What We Are Reading Today: The Crisis of Multiculturalism in Europe by Rita Chin

Updated 21 May 2019
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What We Are Reading Today: The Crisis of Multiculturalism in Europe by Rita Chin

  • The Crisis of Multiculturalism in Europe examines the historical development of multiculturalism on the Continent, says a review on the Princeton University Press website

In 2010, the leaders of Germany, Britain, and France each declared that multiculturalism had failed in their countries. Over the past decade, a growing consensus in Europe has voiced similar decrees. 

But what do these ominous proclamations, from across the political spectrum, mean? From the influx of immigrants in the 1950s to contemporary worries about refugees and terrorism, The Crisis of Multiculturalism in Europe examines the historical development of multiculturalism on the Continent, says a review on the Princeton University Press website. 

Rita Chin argues that there were few efforts to institute state-sponsored policies of multiculturalism, and those that emerged were pronounced failures virtually from their inception.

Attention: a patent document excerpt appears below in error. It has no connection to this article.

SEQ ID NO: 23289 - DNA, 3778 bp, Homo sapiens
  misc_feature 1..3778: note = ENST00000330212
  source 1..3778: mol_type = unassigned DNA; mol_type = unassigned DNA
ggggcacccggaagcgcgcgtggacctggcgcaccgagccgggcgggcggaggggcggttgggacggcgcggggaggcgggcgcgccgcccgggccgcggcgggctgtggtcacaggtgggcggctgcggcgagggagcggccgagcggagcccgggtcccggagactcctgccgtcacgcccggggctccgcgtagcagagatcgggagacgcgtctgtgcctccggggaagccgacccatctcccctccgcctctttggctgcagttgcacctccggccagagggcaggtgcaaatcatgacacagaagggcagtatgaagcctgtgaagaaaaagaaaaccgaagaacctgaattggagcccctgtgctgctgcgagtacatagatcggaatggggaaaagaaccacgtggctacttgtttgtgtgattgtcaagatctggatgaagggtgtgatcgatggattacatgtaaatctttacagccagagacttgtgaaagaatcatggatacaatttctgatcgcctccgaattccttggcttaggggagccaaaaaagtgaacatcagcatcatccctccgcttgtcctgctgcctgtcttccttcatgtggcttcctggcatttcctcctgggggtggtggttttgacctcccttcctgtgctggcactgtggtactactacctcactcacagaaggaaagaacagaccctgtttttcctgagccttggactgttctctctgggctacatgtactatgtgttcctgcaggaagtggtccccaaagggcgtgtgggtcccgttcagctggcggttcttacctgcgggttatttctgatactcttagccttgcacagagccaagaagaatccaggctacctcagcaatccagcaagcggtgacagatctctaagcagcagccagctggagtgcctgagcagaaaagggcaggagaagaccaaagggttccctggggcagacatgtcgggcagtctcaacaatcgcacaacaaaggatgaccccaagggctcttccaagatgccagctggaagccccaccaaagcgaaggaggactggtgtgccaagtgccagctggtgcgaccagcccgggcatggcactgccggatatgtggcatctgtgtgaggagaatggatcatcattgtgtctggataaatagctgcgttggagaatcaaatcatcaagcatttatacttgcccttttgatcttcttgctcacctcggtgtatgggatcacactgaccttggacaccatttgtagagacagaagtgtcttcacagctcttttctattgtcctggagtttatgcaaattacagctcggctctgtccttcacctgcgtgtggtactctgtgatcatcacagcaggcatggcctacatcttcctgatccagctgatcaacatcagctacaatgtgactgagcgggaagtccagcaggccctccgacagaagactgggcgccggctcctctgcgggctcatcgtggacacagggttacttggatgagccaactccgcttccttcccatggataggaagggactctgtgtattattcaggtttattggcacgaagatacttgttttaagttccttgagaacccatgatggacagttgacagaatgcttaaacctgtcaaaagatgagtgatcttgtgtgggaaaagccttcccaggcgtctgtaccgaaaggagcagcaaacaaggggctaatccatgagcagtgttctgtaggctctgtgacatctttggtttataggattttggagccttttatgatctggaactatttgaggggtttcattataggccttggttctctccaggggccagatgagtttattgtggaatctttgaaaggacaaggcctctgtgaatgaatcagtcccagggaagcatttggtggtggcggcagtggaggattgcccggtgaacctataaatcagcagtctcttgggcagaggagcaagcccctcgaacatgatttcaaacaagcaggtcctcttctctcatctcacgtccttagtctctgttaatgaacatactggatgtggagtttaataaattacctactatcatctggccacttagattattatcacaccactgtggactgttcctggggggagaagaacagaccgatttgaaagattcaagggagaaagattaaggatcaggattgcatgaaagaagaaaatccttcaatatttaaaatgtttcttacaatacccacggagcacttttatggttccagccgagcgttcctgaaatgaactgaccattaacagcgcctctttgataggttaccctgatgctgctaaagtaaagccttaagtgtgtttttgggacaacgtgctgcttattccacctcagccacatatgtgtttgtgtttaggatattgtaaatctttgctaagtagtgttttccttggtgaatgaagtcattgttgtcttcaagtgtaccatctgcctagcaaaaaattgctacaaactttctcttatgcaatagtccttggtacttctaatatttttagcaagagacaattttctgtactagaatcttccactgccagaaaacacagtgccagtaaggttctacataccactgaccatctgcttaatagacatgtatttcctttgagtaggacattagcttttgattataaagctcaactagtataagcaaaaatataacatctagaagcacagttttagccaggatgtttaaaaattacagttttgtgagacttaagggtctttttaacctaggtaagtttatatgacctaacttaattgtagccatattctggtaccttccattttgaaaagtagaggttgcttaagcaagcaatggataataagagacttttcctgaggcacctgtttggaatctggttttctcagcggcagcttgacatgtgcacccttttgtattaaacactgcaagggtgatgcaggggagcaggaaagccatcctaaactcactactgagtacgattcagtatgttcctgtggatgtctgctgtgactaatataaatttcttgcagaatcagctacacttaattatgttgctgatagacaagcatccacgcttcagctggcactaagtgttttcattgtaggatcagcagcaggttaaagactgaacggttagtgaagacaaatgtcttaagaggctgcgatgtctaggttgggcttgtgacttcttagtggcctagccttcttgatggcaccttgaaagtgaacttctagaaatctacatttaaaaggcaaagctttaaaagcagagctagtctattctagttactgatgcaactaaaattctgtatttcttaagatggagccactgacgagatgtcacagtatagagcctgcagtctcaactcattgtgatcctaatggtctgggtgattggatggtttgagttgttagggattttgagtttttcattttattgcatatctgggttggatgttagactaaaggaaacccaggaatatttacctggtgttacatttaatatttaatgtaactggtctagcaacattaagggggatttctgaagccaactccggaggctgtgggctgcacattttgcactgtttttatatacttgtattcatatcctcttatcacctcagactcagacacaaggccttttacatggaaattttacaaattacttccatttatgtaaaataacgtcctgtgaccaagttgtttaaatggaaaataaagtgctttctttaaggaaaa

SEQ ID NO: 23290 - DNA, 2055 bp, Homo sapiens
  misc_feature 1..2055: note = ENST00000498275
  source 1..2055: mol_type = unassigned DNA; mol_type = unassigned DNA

She shows that today’s crisis of support for cultural pluralism isn’t new but actually has its roots in the 1980s. Chin looks at the touchstones of European multiculturalism, from the urgent need for laborers after World War II to the public furor over the publication of The Satanic Verses and the question of French girls wearing headscarves to school.


What We Are Reading Today: The Dreamt Land by Mark Arax

Updated 17 June 2019
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What We Are Reading Today: The Dreamt Land by Mark Arax

  • The Dreamt Land weaves reportage, history, and memoir to confront the “golden state” myth in riveting fashion

California-style agriculture has created one of the most unequal societies on earth because extensive irrigation requires large corporations with deep pockets, says Mark Arax, author of The Dreamt Land.

The Dreamt Land weaves reportage, history, and memoir to confront the “golden state” myth in riveting fashion. 

“Arax is persistent and tough as he treks from desert to delta, mountain to valley. What he finds is hard earned, awe-inspiring, tragic and revelatory. In the end, his compassion for the land becomes an elegy to the dream that created California and now threatens to undo it,” said a review in goodreads.com. “It is a beautifully written book and one that lots of people ought to be required to read,” the review said.

Critic Gary Krist says in a review for The New York Times: “Granted, there are times when The Dreamt Land feels overstuffed and chaotically organized, as if Arax decided to include every relevant newspaper feature he’s ever proposed to an editor. But I suspect that few other journalists could have written a book as personal and authoritative.”